"Churning, Burning, Brain (Don’t) Matter" by Brenna Gradus
f you tend to find your stomach at the tip of your throat
at the thought of the two zuzim your father spent on that one little goat
and you realize you’ve been reading the Bible backwards and inside out
when you wake up from your daymare and the walls are whited-out
and the man at your skull has been pleading and knocking
since the clock in your soul started tock tick and tocking
and every passing moment you wanted to let him in
but he’s only muffled when your three sheets are to the wind
but you don’t know the code and you can’t find the key
so you cry, run, and pray at the sound of the plea
and out to the wind you put three more sheets
but you’re nothing but meat, the world’s got you beat
and all your friends are out for the kill
in new formal dresses with new dollar bills.
You notice a tumor on your house-hold pet
but you don’t got the money to pay for the vet
and you want to go sit with a lover by a lake
but the lake’s run dry and there’s no one to take
and the minute it takes to heat up your meal
is a minute too long, it’s lost its appeal.
A train passes by and you’re just about to hop it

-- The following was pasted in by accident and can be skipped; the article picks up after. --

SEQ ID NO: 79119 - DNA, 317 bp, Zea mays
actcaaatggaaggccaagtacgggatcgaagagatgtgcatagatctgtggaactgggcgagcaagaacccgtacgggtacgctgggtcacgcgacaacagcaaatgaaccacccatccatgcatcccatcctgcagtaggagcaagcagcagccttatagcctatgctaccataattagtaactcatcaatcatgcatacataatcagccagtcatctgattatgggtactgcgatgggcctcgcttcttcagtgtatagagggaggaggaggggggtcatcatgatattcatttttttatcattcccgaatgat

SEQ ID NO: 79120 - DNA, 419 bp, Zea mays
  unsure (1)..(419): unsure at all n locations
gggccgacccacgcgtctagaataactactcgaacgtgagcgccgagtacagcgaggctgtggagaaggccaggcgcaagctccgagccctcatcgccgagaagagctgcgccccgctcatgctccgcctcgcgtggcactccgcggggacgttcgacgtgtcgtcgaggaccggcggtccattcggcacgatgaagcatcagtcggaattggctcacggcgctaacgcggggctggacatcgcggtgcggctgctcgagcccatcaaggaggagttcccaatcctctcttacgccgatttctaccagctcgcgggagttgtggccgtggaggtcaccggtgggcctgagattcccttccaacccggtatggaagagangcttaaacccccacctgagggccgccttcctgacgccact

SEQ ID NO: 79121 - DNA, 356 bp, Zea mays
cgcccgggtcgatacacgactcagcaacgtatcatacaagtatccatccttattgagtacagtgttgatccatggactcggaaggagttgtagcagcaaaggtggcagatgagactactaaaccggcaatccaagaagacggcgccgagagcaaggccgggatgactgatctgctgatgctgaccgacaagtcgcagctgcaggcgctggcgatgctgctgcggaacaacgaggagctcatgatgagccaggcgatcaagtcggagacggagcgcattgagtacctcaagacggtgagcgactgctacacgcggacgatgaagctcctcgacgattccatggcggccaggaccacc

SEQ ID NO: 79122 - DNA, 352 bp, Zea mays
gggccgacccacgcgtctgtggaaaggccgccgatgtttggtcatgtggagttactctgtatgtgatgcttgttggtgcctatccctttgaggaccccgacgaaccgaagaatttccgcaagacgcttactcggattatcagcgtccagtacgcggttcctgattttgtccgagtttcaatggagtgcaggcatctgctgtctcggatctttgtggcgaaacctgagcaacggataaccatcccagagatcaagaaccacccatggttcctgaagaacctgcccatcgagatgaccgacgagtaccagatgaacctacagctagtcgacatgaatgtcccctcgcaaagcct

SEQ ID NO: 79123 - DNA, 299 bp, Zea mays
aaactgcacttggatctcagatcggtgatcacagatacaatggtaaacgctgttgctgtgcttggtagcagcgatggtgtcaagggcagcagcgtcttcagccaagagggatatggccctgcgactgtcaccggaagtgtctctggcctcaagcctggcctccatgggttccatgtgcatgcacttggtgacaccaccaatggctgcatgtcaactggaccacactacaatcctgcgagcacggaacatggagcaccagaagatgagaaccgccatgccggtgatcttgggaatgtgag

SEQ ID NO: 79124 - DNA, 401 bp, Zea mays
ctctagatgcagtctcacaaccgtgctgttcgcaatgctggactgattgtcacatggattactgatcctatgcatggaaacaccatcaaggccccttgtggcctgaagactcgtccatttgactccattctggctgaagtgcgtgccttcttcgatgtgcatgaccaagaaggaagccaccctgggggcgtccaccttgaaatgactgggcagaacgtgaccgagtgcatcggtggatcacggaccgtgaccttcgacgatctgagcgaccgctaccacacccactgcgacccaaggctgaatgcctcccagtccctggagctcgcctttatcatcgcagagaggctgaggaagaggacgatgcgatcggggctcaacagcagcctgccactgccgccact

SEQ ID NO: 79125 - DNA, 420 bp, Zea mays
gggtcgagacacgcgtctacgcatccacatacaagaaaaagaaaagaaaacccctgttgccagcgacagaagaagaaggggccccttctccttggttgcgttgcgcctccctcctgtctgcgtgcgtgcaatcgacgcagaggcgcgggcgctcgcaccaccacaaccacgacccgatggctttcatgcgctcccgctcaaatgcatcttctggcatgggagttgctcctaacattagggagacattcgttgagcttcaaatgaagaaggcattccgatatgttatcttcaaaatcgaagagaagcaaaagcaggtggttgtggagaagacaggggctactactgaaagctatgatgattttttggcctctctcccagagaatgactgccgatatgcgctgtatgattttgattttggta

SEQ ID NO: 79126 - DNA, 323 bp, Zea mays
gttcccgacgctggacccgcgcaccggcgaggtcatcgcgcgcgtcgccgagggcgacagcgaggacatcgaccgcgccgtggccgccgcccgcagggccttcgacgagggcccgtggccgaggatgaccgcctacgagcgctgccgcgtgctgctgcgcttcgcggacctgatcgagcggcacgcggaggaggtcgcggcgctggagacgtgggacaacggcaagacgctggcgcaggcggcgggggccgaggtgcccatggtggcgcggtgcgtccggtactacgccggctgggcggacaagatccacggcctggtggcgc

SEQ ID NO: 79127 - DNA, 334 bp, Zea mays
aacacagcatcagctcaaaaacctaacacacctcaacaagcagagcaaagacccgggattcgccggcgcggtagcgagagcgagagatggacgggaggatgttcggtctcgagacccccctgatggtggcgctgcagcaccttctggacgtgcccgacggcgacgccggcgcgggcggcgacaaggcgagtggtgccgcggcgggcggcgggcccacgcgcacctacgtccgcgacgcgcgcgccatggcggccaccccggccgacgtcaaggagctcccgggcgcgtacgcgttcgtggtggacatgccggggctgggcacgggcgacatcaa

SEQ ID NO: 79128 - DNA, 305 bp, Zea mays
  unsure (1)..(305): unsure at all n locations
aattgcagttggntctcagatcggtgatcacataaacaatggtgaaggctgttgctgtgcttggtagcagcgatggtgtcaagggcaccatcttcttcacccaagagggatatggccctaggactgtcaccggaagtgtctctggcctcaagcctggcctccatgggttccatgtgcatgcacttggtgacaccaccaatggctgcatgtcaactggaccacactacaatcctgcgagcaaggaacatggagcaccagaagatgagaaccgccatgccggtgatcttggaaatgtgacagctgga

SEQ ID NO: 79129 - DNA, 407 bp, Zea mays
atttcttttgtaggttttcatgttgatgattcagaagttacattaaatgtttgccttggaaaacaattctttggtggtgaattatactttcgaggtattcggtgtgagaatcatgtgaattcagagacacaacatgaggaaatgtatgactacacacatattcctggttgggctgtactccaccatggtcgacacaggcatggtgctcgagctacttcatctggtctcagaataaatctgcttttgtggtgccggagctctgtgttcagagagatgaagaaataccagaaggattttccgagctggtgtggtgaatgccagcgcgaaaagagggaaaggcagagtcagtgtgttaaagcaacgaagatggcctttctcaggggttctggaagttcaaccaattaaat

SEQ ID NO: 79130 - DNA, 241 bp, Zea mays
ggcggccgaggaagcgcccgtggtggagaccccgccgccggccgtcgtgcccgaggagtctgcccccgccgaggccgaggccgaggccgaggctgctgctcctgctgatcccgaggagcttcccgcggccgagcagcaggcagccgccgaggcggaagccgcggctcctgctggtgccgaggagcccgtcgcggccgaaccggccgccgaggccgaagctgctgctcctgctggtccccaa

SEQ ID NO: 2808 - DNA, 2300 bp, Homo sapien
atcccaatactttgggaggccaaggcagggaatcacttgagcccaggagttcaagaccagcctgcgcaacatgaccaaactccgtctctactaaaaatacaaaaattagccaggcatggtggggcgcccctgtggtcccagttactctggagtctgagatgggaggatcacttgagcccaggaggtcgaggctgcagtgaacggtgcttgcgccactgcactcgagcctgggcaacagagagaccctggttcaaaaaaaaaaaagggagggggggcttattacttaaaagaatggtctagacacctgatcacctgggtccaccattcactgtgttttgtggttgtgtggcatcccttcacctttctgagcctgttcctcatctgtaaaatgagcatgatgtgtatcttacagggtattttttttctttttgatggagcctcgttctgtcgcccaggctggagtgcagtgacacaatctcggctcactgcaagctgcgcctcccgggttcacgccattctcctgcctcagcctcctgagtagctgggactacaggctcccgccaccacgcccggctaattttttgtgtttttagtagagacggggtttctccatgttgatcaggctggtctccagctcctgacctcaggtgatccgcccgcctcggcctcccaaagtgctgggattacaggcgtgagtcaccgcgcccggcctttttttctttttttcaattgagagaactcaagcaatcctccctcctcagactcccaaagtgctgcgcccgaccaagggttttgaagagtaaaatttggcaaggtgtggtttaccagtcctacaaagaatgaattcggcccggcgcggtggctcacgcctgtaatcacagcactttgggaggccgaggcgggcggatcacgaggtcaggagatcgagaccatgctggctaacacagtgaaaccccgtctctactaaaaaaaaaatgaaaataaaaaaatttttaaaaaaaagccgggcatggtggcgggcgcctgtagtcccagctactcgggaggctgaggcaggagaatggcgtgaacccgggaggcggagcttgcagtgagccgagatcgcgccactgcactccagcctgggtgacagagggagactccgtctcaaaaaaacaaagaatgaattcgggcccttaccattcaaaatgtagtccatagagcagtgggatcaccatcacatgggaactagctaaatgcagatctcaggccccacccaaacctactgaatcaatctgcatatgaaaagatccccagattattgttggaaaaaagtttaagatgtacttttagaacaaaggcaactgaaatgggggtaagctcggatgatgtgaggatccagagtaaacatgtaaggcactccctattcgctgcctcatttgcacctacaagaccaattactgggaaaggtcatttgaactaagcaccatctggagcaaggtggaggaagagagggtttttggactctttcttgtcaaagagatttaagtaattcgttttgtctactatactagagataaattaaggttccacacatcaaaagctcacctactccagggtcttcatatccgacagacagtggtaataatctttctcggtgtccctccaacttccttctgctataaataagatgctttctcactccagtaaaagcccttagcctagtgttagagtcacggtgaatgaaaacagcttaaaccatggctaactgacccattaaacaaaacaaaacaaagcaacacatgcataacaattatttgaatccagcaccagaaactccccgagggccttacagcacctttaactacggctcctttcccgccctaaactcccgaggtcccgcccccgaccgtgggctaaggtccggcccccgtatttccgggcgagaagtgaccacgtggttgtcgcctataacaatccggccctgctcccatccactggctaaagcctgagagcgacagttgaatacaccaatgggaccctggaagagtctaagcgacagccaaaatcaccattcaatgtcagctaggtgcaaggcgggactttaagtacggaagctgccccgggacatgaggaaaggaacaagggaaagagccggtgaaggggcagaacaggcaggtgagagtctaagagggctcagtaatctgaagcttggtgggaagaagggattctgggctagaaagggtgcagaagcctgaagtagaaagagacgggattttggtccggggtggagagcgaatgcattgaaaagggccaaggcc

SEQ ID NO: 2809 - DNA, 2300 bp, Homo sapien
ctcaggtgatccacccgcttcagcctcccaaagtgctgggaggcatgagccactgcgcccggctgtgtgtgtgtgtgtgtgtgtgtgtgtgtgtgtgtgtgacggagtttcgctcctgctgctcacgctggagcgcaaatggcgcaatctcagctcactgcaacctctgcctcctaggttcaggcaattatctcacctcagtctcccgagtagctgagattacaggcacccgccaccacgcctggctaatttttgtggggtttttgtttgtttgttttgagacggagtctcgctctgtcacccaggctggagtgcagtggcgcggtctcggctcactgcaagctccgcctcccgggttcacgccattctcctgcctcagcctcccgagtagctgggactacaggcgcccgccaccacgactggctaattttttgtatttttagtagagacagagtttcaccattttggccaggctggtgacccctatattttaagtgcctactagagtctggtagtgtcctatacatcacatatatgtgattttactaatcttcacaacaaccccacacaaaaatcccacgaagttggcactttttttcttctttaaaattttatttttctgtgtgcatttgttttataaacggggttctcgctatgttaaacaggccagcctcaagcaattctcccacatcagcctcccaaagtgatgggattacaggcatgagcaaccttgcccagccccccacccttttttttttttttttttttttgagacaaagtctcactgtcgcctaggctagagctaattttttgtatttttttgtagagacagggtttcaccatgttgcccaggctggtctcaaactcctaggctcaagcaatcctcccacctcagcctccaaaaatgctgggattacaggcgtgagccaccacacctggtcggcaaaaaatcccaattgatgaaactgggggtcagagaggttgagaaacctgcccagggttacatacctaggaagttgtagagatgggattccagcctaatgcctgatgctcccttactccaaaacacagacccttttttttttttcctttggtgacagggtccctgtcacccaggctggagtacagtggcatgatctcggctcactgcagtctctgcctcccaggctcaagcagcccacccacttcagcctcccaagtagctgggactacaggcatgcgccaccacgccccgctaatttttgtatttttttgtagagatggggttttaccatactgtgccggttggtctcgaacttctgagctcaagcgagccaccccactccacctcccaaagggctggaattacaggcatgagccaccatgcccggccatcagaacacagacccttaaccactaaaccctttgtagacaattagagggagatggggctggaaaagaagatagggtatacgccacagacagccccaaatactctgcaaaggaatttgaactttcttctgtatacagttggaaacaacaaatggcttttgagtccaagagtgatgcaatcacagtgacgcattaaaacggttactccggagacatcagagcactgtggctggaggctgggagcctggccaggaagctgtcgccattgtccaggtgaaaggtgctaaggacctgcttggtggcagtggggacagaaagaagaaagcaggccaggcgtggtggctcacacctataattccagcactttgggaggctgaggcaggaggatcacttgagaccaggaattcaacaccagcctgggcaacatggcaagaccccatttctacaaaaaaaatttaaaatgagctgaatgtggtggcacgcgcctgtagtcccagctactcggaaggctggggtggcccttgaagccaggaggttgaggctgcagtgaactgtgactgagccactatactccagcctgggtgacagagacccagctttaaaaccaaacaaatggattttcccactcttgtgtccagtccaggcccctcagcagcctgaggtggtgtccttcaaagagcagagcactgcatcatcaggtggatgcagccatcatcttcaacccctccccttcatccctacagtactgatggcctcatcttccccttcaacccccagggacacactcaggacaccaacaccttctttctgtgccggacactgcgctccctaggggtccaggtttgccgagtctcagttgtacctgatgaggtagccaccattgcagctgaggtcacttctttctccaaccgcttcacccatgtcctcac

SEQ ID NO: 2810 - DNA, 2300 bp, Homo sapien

when your head kicks your heart and tells him to stop it,
so you step on something and you start to puff on it,
and whatever it is, you start to feel tough on it
since you’re sick of being weakest, you’re sick of being meekest
and anything feels better than feeling your bleakest.
If creativity lay dying and you know you’re to blame,
so your soul gets to itching with the no-named shame,
and you need just to drive off a tank of gas dry,
but half a tank later your engine dies,
next the sun pops up and you feel like its prey,
it wasn’t in your plan, to see another day.
Then let the sun warm your skin and let it blind you,
find the significance in your insignificance
and once you’ve lived to death leave laughing.
Originally appeared in the 2010-2011 edition of Outside In.